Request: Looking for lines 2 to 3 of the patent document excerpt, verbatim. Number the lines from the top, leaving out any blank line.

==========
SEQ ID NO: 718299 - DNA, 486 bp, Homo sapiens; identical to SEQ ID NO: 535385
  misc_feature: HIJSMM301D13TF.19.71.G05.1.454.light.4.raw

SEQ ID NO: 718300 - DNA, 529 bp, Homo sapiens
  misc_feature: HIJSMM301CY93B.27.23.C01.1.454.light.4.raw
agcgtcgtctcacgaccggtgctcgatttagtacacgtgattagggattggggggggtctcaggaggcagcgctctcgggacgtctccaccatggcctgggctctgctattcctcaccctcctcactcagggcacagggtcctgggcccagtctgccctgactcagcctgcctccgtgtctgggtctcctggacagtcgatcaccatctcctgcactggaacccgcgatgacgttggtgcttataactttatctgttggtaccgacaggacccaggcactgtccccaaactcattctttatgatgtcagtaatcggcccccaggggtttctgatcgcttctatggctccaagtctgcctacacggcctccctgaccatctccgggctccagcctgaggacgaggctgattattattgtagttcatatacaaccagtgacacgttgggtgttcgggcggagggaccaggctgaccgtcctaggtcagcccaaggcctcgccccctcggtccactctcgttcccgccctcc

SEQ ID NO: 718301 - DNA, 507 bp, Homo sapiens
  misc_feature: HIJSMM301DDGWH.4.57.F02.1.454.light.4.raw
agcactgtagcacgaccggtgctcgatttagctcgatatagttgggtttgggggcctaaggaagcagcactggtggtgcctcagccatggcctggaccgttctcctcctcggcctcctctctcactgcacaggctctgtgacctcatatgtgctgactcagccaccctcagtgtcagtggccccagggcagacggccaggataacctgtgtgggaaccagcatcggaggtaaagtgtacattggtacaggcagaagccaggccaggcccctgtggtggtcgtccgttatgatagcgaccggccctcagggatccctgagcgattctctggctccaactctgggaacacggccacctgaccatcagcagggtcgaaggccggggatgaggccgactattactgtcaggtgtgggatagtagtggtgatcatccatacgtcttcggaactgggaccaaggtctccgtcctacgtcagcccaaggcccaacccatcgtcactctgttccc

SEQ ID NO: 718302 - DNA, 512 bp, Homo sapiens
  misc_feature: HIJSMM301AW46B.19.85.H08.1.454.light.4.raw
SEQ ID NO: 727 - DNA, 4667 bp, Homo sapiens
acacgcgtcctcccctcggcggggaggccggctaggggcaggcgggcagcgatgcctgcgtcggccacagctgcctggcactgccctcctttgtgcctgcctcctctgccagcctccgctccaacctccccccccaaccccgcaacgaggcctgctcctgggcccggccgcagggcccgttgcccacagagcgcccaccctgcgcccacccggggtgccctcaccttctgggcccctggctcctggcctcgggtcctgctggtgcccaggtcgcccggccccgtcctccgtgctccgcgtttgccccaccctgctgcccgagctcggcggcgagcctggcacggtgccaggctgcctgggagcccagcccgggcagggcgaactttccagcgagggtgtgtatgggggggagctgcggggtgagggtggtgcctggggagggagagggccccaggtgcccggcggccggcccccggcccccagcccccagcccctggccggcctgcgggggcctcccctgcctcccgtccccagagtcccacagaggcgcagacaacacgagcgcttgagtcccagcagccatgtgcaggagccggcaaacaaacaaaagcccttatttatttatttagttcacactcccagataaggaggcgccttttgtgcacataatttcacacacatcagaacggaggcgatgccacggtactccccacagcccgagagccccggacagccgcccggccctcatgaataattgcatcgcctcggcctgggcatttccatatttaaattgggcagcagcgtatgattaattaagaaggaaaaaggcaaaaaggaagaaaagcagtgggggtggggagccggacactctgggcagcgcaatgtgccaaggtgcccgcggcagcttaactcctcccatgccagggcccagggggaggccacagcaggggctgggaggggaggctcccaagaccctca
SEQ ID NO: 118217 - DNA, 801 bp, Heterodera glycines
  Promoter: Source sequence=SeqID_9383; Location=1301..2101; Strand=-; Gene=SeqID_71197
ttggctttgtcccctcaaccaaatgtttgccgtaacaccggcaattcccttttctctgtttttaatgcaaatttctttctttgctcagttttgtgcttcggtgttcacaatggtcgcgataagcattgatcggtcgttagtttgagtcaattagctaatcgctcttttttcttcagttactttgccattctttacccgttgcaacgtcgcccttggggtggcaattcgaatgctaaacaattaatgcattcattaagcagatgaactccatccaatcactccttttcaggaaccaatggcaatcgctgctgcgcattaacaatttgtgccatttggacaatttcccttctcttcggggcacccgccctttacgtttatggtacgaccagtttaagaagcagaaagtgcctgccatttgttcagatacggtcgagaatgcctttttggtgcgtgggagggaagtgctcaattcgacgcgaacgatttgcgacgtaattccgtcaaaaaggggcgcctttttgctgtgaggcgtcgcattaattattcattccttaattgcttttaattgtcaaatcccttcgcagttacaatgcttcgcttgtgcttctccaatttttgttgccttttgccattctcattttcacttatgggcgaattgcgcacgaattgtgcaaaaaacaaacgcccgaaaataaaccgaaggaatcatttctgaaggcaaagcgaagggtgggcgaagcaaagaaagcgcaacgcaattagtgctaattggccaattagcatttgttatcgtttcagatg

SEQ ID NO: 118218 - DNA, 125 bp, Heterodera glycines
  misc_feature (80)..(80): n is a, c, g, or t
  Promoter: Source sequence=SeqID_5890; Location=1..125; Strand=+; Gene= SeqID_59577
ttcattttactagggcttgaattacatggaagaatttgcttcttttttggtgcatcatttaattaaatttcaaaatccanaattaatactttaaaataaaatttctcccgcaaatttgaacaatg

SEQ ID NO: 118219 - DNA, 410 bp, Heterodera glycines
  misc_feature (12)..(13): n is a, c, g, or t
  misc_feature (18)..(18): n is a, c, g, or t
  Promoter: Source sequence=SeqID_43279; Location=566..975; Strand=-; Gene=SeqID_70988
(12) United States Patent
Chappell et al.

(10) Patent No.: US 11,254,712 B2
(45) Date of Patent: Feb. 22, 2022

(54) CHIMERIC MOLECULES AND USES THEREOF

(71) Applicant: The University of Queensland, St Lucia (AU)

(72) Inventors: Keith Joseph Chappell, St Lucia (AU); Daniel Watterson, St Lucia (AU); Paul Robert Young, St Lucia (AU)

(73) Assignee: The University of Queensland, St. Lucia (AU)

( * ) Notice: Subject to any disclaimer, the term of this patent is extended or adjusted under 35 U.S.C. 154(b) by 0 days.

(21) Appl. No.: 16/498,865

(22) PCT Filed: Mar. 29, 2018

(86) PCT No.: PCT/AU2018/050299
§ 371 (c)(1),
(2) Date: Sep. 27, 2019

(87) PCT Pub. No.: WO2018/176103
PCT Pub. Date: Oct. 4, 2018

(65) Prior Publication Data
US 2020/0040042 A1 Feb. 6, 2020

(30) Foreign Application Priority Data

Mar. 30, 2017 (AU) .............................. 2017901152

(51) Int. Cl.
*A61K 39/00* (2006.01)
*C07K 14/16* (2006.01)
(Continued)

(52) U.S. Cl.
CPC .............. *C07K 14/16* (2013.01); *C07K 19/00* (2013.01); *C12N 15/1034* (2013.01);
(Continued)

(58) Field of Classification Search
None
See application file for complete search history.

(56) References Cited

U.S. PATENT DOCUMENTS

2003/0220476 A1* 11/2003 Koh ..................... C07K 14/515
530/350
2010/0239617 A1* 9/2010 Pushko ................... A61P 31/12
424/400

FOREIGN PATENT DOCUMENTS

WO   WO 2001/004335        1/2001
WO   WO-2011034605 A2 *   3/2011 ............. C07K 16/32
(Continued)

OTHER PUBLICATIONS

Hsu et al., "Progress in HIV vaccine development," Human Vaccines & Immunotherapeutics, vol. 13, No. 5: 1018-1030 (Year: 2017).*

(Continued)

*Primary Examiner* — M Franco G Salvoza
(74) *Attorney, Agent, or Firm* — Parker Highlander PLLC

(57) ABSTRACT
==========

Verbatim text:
  misc_feature: HIJSMM301D13TF.19.71.G05.1.454.light.4.raw

SEQ ID NO: 718300 - DNA, 529 bp, Homo sapiens